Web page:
# Wikipedia:Manual of Style/Superscripts and subscripts

A Superscript or a Subscript is text that is positioned slightly above or below the normal line of type and is sometimes rendered in a smaller font. This part of the Manual of Style aims to achieve consistency in the use and formatting of superscripts and subscripts in Wikipedia articles.

Subscripts and superscripts should be wrapped in <sub> and <sup> HTML tags, respectively, with no other formatting info. The {{sup}} and {{sub}} templates are useful shortcuts to the HTML markup. Do not use the Unicode subscripts and superscripts ² and ³, or XML/HTML character entity references (&sup2; etc). Rather, write <sup>2</sup> and <sup>3</sup> to produce the superscripts 2 and 3. The superscripted 2 and 3 are easier to read, especially on small displays, and ensure that exponents are properly aligned. Compare:

wⁱx²z⁽ⁿ⁺⁶⁾ (Unicode superscripts) to
wix2z(n + 6) (w<sup>i</sup>x<sup>2</sup>z<sup>(n + 6)</sup>) or
wix2z(n + 6) (w{{sup|i}}x{{sup|2}}z{{sup|(n + 6)}})

1 + x² + y³ (&sup2;) to
1 + x2 + x3 (<sup>2</sup>) or
1 + x2 + x3 ({{sup|2}})

Except under extraordinary circumstances, font sizes, color, etc should be controlled with Wikipedia's stylesheets.

## Dates and numbers

• The ordinal suffix (e.g., th) is not superscripted (23rd and 496th, not 23rd and 496th).
• Centuries and millennia are written using ordinal numbers, without superscripts and without Roman numerals: the second millennium, the 19th century, a 19th-century book (see also Wikipedia:Manual of Style#Numbers as figures or words).
• Non-base-10 notations in non-computer-related articles use subscript notation. For example: 1379, 2416, 2A912, A87D16 (use {{sub|radix}} or <sub>radix</sub>).

## Music

• In figured bass, superscript and subscript may be combined by using math markup or by using the {{su}} template: $C_6^4$ = $C_6^4$, ''C''{{su|b=6|p=4}} = C4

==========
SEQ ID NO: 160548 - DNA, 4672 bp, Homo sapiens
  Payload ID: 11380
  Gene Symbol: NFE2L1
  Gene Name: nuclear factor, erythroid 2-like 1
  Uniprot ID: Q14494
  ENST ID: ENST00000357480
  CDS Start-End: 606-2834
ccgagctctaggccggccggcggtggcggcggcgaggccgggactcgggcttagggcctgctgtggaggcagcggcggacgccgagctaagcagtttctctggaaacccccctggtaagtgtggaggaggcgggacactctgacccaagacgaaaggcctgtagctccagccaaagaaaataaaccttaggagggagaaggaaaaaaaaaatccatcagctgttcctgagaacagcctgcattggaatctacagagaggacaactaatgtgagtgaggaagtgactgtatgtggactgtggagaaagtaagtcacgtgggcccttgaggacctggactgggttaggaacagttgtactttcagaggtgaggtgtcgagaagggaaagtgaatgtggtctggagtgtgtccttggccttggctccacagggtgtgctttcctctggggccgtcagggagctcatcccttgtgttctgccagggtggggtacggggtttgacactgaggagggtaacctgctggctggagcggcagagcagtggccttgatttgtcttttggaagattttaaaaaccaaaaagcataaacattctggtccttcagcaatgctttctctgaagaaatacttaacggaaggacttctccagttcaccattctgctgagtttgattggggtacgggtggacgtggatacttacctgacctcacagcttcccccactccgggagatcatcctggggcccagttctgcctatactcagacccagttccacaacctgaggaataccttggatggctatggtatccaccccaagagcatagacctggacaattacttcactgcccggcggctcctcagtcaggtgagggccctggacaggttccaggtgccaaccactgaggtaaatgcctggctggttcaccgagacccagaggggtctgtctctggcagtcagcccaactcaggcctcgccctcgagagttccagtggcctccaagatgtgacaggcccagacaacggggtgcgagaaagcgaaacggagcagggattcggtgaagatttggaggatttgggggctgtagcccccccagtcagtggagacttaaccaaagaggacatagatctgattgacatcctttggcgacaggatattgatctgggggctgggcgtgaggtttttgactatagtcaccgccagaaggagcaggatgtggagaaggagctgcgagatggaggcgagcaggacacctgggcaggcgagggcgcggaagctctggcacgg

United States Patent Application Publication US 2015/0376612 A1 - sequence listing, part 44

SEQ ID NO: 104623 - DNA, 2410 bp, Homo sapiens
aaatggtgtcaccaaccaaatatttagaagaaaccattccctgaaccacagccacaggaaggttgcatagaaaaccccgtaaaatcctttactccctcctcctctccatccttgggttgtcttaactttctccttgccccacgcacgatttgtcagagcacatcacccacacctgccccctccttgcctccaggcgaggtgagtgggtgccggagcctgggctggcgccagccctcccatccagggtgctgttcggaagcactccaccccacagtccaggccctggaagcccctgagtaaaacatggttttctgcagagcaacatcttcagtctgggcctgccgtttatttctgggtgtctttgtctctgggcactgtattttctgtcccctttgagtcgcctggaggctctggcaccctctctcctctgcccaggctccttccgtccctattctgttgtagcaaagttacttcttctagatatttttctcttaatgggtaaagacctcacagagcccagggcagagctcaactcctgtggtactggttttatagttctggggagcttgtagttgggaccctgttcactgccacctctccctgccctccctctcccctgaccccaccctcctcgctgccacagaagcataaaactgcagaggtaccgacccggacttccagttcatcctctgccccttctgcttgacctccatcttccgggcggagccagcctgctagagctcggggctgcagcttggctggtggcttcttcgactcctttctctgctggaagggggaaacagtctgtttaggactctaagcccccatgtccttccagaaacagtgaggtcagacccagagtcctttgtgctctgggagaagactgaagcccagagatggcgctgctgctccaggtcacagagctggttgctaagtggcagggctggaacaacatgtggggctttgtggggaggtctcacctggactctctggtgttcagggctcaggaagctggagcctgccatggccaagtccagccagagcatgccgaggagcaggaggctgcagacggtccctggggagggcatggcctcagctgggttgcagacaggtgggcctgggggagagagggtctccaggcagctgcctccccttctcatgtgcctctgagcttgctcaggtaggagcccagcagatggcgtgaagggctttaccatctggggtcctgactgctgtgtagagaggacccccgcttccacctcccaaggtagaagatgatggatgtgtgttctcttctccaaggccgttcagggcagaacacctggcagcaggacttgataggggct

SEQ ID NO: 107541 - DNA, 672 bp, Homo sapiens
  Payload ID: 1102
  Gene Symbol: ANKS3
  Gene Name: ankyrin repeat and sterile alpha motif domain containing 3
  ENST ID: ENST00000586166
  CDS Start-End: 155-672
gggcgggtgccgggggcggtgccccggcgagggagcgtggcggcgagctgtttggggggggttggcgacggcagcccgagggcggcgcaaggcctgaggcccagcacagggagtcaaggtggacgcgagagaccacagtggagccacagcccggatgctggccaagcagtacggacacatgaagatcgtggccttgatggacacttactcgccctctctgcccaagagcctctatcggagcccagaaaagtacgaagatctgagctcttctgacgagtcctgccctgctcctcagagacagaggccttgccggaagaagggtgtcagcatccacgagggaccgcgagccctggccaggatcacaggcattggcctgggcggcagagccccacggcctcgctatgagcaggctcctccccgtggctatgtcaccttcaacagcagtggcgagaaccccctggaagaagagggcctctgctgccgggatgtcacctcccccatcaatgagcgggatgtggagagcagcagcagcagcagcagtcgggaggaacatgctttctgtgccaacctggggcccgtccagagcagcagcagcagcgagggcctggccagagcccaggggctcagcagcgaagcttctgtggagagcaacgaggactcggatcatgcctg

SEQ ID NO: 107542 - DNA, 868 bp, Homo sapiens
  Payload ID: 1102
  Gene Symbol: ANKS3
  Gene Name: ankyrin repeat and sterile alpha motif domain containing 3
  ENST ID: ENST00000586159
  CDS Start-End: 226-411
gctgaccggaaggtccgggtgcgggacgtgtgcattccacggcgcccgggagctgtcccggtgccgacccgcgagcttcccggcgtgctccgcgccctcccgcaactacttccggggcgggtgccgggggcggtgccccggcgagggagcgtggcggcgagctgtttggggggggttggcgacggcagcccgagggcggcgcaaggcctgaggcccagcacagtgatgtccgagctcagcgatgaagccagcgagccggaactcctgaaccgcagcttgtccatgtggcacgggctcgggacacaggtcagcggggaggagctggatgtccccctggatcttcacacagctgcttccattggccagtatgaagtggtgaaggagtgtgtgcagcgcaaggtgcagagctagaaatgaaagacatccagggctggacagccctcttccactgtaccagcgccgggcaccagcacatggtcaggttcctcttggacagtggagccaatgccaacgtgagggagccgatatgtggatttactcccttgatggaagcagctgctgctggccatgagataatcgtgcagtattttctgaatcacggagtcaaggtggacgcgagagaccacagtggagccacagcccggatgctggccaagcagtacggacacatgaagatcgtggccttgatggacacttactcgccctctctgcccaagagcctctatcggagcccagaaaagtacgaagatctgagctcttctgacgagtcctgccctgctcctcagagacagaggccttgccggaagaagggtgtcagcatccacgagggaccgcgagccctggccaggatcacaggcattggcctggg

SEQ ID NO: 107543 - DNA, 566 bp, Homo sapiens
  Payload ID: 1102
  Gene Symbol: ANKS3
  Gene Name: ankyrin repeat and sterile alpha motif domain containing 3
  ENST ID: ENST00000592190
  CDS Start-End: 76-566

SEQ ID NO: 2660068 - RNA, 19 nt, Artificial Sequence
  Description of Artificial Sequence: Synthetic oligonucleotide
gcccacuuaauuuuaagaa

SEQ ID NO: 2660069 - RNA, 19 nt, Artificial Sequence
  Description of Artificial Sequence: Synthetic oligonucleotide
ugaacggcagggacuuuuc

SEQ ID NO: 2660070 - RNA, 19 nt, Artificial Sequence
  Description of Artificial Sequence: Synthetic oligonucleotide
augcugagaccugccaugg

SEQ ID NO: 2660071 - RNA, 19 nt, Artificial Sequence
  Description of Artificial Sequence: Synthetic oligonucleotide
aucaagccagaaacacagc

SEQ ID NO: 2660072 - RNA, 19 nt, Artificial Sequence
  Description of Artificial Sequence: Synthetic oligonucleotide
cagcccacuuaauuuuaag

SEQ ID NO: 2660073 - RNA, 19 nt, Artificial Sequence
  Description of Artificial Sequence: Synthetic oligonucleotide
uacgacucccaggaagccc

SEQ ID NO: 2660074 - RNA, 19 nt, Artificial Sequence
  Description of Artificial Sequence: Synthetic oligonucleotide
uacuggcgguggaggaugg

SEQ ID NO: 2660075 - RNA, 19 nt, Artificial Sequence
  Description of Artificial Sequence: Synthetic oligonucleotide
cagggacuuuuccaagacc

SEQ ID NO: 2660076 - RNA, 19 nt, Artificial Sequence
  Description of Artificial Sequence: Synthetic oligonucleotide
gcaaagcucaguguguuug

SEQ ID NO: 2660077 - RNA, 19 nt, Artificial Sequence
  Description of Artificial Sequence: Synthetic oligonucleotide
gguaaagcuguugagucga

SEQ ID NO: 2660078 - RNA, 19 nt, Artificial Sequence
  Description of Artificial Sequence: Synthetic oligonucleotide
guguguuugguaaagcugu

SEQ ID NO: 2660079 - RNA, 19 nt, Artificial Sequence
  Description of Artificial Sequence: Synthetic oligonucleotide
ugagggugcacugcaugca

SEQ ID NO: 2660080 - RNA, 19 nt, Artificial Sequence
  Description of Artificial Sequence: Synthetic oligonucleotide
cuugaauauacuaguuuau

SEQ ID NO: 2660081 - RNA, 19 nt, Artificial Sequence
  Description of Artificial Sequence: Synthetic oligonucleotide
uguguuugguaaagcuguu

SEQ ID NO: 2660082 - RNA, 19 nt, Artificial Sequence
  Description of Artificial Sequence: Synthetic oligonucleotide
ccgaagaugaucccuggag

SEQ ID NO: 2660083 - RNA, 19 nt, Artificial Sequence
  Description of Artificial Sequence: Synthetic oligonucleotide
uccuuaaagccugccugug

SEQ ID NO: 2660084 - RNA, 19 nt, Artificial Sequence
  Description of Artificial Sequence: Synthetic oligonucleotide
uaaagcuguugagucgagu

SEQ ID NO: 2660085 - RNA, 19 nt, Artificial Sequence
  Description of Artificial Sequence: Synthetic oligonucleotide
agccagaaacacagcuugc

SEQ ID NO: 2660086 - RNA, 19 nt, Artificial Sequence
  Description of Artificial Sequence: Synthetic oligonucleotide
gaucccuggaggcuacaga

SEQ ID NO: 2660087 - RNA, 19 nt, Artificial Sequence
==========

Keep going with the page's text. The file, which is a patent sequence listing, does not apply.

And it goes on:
6
; (see also Wikipedia:TeX markup or m:Help:Formula).
• A superscript circle, or degree sign, which indicates a diminished chord, that may not display correctly for everyone, "°", can be produced by typing &deg;, &#176, or by keying Alt+0176 (Windows PCs). A superscript lower case "o" ({{sup|o}}) may be used instead. The slashed o, "ø", which may not display correctly for all readers, is produced by superscripting the character produced by typing &oslash;, or &#248;, or by keying Alt+0248 (Windows PCs).
• For inversions and the degree sign superscript and subscript may be done thus: vii{{sup|o}}, I{{sub|6}}. This looks like: viio, I6.

## Unit symbols and abbreviations

• Squared and cubic metric-symbols are always expressed with a superscript exponent (5 km2, 2 cm3); squared imperial and US unit abbreviations may be rendered with sq, and cubic with cu (15 sq mi, 3 cu ft).

## Science

### Chemistry

Descriptions of:

C2H5OH using C{{sub|2}}H{{sub|5}}OH
3
2
He
using {{Nuclide2|He|3}}

### Mathematics

22 = 4 using 2{{sup|2}} = 4

Special care is needed with subscripted labels to distinguish the purpose of the subscript (as this is a common error): variables and constants in subscripts should be italic, while textual labels should be in normal text font (Roman, upright). For example:

$x_\text{this one} = y_\text{that one} \,\!$   (correct—typeset from $x_\text{this one} = y_\text{that one} \,\!$),

and

$\sum_{i=1}^n { y_i^2 }\!$   (correct—typeset from $\sum_{i=1}^n { y_i^2 }\!$),

but not

$r = x_{predicted} - x_{observed}$   (incorrect—typeset from $r = x_{predicted} - x_{observed}$).

Moreover, the TeX engine used on Wikipedia may format simple superscripts using <sup>...</sup> depending on user preferences. Thus, instead of the image $x^2\,$, many users see x2. Formulae formatted without using TeX should use the same syntax to maintain the same appearance.